My third young adult book has just been accepted by a small press, Evernight Teen. So this next experience will be different again.

Double Negative will come out as an eBook, then if sales support it, they will do a POD paperback. I like this idea and it makes me think this publisher has a smart business plan.

They have a strong social media presence, and they will help with sending the book out to reviewers. They will also contact bloggers and do some online promo which looks like giveaways and contests linked to some of their other books.

I will do a blog tour on my own, and Ive already started asking for help. Since the pub date is July, Im scrambling to pull everything together fast. Fortunately, I now know a little more about what marketing is expected of me and how to do it.

While theyve suggested some marketing strategies, theyve not given me a specific must do list outside of posting their logo on my website, visiting their FB page for authors regularly and contacting reviewers.

I just completed the editing process. Again, they use Track Changes and there were few edits, mostly at punctuation level. I seem to forget commas pretty regularly.

See C. Lee McKenzie at http://cleemckenziebooks.com/


C. Lee McKenzie is a native Californian who grew up in a lot of different places, then landed in the Santa Cruz Mountains where she lives with her family and miscellaneous pets. She writes most of the time, gardens and hikes and does yoga a lot, and then travels whenever she can. 

She takes on modern issues that today's teens face in their daily lives. Her first young adult novel, Sliding on the Edge, which dealt with cutting and suicide was published in 2009. Her second, titled The Princess of Las Pulgas, dealing with a family who loses everything and must rebuild their lives, came out in 2010. Her short stories appear in the anthologies, The First Time and Two and Twenty Dark Tales. In 2012, her first middle grade novel, Alligators Overhead, came out. This year Double Negative, her young adult story about a functionally illiterate teen, will be out as an eBook.

 

 


 
 

75 comments:

  1. Marketing sure does take a ton of time, hard to find time for sleep indeed haha

    ReplyDelete
    Replies
    1. Yeah. We all need robots, one to work, one to sleep, one to play... wait, no. Let's keep that one for ourselves. :-)

      Delete
    2. You're so right, Pat. More than I ever imagined. Now I do have to be organized. :-)

      Delete
  2. That is an excellent series of questions, and every author should be interested in the responses. Thank you!

    ReplyDelete
    Replies
    1. Thanks so much for stopping by, and I'm glad you enjoyed the post.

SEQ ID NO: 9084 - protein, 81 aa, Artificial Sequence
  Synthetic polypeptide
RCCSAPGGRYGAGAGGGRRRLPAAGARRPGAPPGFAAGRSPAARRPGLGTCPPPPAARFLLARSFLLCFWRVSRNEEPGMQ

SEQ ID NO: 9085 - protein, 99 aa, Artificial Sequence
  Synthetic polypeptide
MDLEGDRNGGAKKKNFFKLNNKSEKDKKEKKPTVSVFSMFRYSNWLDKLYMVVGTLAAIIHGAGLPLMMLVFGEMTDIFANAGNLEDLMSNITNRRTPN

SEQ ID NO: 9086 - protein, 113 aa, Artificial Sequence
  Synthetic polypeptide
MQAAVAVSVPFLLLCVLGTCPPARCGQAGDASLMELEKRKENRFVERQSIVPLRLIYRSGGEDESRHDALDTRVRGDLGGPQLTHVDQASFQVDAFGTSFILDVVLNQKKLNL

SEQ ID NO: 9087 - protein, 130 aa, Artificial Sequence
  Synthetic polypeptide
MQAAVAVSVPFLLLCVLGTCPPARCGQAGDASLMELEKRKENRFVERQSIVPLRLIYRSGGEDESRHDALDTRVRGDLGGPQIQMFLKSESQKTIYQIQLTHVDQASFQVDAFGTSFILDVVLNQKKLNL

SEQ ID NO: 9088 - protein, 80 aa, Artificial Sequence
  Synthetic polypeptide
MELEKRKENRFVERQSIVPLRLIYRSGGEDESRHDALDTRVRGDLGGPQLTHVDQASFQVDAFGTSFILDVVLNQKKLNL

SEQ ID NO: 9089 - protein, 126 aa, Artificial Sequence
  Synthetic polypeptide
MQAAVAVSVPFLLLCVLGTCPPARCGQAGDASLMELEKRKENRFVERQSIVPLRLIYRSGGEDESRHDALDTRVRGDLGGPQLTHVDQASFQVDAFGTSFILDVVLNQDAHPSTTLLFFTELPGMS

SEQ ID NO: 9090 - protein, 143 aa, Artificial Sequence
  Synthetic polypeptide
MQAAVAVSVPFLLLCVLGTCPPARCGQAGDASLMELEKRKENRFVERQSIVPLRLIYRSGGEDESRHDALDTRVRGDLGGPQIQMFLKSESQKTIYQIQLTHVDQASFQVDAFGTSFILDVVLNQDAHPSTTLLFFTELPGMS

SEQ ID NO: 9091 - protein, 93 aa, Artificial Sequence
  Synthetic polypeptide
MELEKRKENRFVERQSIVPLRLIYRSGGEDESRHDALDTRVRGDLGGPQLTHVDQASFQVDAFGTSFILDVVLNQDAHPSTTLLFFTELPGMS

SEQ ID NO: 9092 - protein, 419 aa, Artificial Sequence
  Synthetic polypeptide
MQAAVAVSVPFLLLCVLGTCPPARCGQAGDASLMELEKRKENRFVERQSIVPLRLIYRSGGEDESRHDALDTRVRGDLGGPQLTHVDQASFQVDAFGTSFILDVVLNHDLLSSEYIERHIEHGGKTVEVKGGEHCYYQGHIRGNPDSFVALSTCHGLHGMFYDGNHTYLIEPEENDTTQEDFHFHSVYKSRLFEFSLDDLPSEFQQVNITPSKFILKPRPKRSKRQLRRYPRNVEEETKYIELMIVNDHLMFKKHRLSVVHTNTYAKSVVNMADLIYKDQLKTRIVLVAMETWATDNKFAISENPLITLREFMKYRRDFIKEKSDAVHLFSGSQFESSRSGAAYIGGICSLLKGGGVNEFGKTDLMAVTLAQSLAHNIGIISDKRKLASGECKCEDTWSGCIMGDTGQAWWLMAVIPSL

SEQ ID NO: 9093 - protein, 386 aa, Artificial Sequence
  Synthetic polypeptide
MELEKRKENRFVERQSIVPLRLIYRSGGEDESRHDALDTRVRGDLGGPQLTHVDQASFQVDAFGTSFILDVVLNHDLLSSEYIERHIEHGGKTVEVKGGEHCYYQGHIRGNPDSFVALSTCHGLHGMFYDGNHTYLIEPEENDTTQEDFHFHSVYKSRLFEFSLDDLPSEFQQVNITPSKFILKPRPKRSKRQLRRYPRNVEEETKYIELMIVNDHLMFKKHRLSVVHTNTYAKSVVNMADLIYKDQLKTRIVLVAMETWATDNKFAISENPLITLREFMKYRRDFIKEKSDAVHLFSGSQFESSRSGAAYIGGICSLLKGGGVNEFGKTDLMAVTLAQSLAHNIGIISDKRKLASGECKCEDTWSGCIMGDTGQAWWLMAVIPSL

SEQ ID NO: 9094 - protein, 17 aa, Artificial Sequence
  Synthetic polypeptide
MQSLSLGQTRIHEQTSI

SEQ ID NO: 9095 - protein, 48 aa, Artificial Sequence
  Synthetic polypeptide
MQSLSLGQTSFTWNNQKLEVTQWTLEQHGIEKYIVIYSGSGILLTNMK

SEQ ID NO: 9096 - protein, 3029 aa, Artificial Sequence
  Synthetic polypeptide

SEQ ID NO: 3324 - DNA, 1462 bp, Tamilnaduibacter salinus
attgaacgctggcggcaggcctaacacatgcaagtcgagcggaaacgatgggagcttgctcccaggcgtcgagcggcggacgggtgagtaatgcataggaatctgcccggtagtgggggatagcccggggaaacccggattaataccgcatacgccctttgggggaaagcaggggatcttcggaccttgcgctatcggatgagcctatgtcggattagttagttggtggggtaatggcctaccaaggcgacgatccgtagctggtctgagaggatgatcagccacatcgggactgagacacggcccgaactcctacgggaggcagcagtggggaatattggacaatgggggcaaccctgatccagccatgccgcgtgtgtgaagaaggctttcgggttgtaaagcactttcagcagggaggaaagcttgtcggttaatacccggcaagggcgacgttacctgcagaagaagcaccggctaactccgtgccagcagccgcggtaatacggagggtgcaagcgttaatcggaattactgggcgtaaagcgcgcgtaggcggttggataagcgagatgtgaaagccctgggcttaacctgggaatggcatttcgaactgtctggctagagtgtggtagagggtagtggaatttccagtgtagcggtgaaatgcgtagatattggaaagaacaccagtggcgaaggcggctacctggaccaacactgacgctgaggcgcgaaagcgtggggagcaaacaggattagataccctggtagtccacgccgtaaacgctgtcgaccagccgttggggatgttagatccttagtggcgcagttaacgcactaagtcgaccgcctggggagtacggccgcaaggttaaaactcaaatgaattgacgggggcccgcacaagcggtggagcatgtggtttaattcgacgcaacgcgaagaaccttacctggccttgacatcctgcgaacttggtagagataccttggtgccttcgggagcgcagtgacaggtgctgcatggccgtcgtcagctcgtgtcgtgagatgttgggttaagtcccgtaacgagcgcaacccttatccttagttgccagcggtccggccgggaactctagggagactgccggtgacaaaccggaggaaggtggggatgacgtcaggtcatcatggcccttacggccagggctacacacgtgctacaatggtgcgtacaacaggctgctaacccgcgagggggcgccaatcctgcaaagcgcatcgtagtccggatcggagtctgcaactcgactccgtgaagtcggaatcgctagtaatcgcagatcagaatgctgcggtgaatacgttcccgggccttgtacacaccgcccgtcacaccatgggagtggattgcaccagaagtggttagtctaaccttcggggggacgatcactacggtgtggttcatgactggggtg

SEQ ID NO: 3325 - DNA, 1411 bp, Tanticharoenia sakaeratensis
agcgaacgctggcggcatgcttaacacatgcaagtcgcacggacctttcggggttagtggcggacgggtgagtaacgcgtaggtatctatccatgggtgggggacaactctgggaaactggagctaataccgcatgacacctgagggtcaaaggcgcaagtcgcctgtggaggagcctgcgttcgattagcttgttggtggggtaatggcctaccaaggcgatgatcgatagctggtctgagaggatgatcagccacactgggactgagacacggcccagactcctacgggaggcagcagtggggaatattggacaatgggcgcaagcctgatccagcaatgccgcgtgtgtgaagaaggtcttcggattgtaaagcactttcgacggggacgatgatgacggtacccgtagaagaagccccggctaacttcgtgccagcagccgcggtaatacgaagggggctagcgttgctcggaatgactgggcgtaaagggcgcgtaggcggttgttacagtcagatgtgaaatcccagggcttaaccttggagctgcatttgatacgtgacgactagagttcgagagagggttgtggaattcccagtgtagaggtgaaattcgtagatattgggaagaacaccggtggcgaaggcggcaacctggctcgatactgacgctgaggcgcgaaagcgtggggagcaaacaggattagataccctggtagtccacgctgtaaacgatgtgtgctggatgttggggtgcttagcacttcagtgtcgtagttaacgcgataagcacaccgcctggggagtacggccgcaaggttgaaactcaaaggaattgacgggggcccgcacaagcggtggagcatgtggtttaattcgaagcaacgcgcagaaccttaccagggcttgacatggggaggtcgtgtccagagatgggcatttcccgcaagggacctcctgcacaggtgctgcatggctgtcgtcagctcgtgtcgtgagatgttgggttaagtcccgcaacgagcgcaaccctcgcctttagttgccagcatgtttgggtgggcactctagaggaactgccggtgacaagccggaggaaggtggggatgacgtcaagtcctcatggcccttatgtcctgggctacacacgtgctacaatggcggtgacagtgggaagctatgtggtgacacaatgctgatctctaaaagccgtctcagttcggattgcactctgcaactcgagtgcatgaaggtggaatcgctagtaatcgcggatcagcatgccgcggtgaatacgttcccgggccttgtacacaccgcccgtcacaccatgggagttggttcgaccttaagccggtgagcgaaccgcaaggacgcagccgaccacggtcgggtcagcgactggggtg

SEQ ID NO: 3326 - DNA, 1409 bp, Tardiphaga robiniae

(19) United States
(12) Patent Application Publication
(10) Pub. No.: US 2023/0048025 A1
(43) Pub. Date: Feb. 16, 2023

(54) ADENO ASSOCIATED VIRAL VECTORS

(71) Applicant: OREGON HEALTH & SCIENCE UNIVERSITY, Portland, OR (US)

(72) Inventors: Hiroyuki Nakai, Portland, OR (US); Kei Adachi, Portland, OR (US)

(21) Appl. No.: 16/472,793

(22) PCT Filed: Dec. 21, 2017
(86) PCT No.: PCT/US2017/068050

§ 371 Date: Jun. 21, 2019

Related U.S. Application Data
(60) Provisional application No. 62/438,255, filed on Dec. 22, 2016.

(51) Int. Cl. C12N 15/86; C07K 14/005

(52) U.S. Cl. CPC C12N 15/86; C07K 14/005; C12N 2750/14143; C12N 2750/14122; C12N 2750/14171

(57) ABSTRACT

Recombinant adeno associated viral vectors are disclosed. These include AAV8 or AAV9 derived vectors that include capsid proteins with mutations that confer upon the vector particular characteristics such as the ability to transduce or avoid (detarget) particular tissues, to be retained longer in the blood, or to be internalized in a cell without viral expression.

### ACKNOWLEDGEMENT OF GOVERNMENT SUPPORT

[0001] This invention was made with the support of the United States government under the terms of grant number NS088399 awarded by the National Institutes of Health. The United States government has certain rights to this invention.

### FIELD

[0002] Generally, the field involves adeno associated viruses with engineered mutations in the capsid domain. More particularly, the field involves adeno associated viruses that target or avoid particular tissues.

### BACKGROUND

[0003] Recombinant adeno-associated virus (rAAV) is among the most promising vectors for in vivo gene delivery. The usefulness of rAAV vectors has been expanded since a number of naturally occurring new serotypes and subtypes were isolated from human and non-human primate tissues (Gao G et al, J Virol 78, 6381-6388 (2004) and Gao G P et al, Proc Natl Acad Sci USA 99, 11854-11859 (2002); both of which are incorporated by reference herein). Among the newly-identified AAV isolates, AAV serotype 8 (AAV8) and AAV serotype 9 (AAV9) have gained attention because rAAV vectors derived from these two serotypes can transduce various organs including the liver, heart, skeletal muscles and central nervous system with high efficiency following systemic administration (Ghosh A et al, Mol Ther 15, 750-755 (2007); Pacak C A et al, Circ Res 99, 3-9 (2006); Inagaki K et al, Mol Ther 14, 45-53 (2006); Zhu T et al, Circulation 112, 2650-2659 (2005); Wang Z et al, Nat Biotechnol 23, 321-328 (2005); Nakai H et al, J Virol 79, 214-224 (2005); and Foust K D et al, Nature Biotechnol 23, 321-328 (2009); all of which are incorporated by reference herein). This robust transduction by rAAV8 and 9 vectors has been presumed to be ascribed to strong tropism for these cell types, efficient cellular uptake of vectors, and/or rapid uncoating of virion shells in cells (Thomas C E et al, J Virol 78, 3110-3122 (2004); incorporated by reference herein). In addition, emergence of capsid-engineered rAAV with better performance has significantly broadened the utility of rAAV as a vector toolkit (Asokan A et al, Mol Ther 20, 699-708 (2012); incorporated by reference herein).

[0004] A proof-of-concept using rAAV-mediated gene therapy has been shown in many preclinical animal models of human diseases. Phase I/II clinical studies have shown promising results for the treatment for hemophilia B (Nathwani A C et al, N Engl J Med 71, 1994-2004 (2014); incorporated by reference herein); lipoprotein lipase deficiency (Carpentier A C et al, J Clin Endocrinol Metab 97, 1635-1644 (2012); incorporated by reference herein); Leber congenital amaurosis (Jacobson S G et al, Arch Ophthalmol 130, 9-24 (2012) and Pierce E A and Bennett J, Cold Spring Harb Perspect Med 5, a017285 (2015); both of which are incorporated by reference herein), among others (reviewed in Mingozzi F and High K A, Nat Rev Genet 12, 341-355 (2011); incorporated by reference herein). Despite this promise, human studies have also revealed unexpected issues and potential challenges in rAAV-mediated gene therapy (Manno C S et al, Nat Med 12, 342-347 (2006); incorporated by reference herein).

Delete
    2. Debi was very thorough. I liked her questions because it let me rethink a lot of what I now take for granted, but didn't understand when I began.

      Delete
  3. I'm so thrilled to see Lee's post. She's a wonderful writer, excellent person. Great questions, Debi. It's great learning more about Lee.

    ReplyDelete
    Replies
    1. I was very happy with her answers, all info writers need to know before they submit.

      Delete
    2. Thanks, Joylene. I appreciated Debi asking me to visit her site.

      Delete
  4. Lee is a well of information. It's great to have the blogs and social media to connect. Yet, often I feel as if I still have no idea as to what I'm doing.

    Waving at Debi :)

    ReplyDelete
    Replies
    1. Yeah, I just pretend I know, and sometimes I'm even convinced. :-)

      Delete
    2. You're the diva of getting the word out about your books, Mary!

      Delete
  5. Why does blogger keep giving me comment errors? I want to smack it. lol

    Anyway, as I was saying, it's wonderful that we all share information these days. I still often feel as if I have no idea as to what I'm doing.

    Hello to Debi :)

    ReplyDelete
  6. These are great insights into the publishing world. My publisher is a small press, so what they do is a little different from what bigger companies do. I hope to publish books with a publishing house in the future, so knowing what they do now will help me then. Thank you, C. Lee and Debi! :)

    ReplyDelete
    Replies
    1. There are so many different publishers out there that I'm sure ten people would have ten different experiences.

      Delete
    2. I love how the business has opened up with so many possibilities for authors.

      Delete